CHICAGO – More consumers are splurging as they become cautiously optimistic about their financial situation, according to a MarketPulse survey released July 28 by Information Resources, Inc., a Chicago-based market research firm.

The survey showed 22% of respondents were splurging on premium or gourmet products in the second quarter of 2014, which was up from 19% in the second quarter of 2011. Forty-three per cent of consumers were buying more private label than previously bought, which was down from 47%. The same percentage, 31%, were treating themselves to small indulgences to ease stress as they were in 2011.

Other factors in the survey included cutting back on non-essential items, which was 51% in 2014 as compared to 60% in 2011, trying new brands priced below regular brands, 39% as compared to 46%, giving up some favorite brands, 31% as compared to 39%, buying fewer healthier products because they are more expensive, 28% as compared to 31%, and purchasing only preferred brands, though others are less expensive, 15% as compared to 12%.

“A critical takeaway from our latest MarketPulse survey is that, while optimism is emerging, consumers’ continued commitment to find maximum value is as strong as ever,” said Susan Viamari, editor of Thought Leadership for I.R.I. “One-third of consumers tell us that they will continue to shop multiple stores to find the lowest prices.”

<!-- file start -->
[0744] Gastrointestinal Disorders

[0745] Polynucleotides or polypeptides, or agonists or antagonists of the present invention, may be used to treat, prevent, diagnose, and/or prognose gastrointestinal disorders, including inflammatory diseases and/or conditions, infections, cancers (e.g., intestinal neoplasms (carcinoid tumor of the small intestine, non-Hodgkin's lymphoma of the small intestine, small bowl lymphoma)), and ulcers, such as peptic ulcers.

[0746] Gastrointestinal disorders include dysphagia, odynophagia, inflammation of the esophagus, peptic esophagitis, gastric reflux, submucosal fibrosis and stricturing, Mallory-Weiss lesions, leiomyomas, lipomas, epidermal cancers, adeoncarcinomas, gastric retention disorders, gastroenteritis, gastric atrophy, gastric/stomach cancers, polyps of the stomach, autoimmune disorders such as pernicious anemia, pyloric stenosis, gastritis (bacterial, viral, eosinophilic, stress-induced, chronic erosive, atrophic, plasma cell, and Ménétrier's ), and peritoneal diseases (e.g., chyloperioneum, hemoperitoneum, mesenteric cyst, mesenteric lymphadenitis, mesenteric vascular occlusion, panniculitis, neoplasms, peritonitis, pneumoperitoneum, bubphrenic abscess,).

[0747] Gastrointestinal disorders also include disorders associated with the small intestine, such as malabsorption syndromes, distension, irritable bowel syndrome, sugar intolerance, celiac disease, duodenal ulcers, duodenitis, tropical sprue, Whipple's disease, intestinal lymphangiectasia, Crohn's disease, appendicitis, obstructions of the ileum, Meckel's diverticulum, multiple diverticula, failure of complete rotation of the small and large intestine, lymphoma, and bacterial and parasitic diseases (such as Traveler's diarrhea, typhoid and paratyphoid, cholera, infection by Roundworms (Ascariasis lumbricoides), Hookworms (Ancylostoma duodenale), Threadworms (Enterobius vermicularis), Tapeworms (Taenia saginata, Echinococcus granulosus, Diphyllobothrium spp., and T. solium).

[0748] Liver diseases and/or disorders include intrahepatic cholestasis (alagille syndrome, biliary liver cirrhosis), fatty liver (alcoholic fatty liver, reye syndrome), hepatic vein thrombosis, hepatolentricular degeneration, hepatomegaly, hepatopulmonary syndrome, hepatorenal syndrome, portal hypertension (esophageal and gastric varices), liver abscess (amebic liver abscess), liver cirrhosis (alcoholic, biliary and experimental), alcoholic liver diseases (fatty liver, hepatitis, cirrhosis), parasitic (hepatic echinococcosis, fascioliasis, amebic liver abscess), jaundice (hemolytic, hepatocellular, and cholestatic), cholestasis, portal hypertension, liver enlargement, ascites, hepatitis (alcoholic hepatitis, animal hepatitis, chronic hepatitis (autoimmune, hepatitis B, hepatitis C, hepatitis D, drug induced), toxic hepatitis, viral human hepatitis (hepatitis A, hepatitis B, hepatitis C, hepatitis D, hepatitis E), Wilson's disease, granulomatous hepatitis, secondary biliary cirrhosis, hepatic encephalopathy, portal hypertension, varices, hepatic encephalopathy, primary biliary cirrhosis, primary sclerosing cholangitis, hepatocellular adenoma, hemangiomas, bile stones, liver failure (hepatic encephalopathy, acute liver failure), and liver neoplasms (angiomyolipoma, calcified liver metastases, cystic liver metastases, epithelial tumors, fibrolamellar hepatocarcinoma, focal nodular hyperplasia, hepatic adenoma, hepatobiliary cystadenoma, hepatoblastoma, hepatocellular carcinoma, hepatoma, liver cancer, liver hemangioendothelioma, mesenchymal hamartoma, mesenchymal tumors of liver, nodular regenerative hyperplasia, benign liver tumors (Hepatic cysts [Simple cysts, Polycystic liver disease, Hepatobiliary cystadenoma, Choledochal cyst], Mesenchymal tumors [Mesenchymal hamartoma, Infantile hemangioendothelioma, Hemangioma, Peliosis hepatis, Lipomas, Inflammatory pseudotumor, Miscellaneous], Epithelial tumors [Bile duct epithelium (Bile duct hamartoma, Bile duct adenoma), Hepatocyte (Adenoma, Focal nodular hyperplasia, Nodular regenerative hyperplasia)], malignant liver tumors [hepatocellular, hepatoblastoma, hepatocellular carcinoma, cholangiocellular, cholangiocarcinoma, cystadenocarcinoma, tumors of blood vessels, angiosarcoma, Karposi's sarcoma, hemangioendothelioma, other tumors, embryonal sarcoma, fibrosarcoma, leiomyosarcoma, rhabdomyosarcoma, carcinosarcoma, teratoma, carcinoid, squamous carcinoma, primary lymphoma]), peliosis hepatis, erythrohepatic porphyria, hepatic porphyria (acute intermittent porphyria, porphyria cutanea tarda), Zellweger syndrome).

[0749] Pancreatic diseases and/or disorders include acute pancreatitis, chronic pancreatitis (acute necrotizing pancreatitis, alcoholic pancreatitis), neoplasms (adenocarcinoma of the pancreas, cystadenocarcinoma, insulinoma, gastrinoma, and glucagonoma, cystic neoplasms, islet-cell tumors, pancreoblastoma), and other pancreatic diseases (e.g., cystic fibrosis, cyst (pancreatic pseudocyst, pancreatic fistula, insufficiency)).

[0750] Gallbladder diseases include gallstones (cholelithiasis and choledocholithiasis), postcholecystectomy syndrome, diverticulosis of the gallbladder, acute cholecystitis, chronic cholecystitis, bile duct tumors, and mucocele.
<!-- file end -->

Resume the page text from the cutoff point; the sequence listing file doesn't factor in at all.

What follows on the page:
Consumer confidence was relatively flat in the second quarter of 2014 after increasing in the first quarter, according to the survey.

“Even though the economy is gradually rebounding, consumers are cautiously optimistic about their financial health,” Ms. Viamari said. “We are seeing the ranks of those consumers who are experiencing and even expecting economic improvement slowly beginning to rise. Of particular note are millennials, who have suffered more and longer than others, and are reporting that they have been feeling more comfortable for the last two quarters. Time will tell, but, for now, this indicates that the stabilization of the economy is reaching a bit deeper across consumer segments.”